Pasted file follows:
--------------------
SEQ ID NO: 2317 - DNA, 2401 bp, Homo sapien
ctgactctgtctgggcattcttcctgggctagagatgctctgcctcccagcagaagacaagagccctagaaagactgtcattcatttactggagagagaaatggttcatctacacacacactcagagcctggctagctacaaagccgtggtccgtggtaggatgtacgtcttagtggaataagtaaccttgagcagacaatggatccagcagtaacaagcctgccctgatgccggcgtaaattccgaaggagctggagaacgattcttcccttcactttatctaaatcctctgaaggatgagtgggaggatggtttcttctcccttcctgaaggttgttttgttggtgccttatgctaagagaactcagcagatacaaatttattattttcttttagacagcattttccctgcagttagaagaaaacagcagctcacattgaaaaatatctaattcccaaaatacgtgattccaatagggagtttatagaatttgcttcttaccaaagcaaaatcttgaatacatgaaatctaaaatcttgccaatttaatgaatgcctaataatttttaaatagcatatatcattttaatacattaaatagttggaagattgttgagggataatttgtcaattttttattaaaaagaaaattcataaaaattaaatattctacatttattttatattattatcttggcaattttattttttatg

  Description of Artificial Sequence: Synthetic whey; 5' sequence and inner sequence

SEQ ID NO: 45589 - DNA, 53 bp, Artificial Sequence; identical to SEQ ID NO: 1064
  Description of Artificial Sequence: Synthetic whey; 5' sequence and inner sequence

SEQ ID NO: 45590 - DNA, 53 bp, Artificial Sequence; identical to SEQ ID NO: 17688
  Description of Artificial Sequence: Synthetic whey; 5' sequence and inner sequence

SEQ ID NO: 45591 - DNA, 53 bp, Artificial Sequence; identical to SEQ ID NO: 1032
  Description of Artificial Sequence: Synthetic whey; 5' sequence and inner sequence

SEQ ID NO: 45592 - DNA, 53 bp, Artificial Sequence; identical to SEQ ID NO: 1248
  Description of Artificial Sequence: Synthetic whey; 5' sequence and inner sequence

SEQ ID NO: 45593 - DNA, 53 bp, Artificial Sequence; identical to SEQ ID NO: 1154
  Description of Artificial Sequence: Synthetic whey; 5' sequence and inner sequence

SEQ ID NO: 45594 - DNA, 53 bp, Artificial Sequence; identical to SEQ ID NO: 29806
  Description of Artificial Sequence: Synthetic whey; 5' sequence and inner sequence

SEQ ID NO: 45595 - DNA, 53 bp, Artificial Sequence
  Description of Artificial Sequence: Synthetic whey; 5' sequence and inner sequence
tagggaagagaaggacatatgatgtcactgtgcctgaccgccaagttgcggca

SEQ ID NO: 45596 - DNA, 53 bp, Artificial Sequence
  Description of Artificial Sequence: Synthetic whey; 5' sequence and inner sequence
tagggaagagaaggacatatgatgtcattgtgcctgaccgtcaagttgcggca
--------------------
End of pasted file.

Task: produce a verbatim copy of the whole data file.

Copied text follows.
SEQ ID NO: 2317 - DNA, 2401 bp, Homo sapien
ctgactctgtctgggcattcttcctgggctagagatgctctgcctcccagcagaagacaagagccctagaaagactgtcattcatttactggagagagaaatggttcatctacacacacactcagagcctggctagctacaaagccgtggtccgtggtaggatgtacgtcttagtggaataagtaaccttgagcagacaatggatccagcagtaacaagcctgccctgatgccggcgtaaattccgaaggagctggagaacgattcttcccttcactttatctaaatcctctgaaggatgagtgggaggatggtttcttctcccttcctgaaggttgttttgttggtgccttatgctaagagaactcagcagatacaaatttattattttcttttagacagcattttccctgcagttagaagaaaacagcagctcacattgaaaaatatctaattcccaaaatacgtgattccaatagggagtttatagaatttgcttcttaccaaagcaaaatcttgaatacatgaaatctaaaatcttgccaatttaatgaatgcctaataatttttaaatagcatatatcattttaatacattaaatagttggaagattgttgagggataatttgtcaattttttattaaaaagaaaattcataaaaattaaatattctacatttattttatattattatcttggcaattttattttttatg

  Description of Artificial Sequence: Synthetic whey; 5' sequence and inner sequence

SEQ ID NO: 45589 - DNA, 53 bp, Artificial Sequence; identical to SEQ ID NO: 1064
  Description of Artificial Sequence: Synthetic whey; 5' sequence and inner sequence

SEQ ID NO: 45590 - DNA, 53 bp, Artificial Sequence; identical to SEQ ID NO: 17688
  Description of Artificial Sequence: Synthetic whey; 5' sequence and inner sequence

SEQ ID NO: 45591 - DNA, 53 bp, Artificial Sequence; identical to SEQ ID NO: 1032
  Description of Artificial Sequence: Synthetic whey; 5' sequence and inner sequence

SEQ ID NO: 45592 - DNA, 53 bp, Artificial Sequence; identical to SEQ ID NO: 1248
  Description of Artificial Sequence: Synthetic whey; 5' sequence and inner sequence

SEQ ID NO: 45593 - DNA, 53 bp, Artificial Sequence; identical to SEQ ID NO: 1154
  Description of Artificial Sequence: Synthetic whey; 5' sequence and inner sequence

SEQ ID NO: 45594 - DNA, 53 bp, Artificial Sequence; identical to SEQ ID NO: 29806
  Description of Artificial Sequence: Synthetic whey; 5' sequence and inner sequence

SEQ ID NO: 45595 - DNA, 53 bp, Artificial Sequence
  Description of Artificial Sequence: Synthetic whey; 5' sequence and inner sequence
tagggaagagaaggacatatgatgtcactgtgcctgaccgccaagttgcggca

SEQ ID NO: 45596 - DNA, 53 bp, Artificial Sequence
  Description of Artificial Sequence: Synthetic whey; 5' sequence and inner sequence
tagggaagagaaggacatatgatgtcattgtgcctgaccgtcaagttgcggca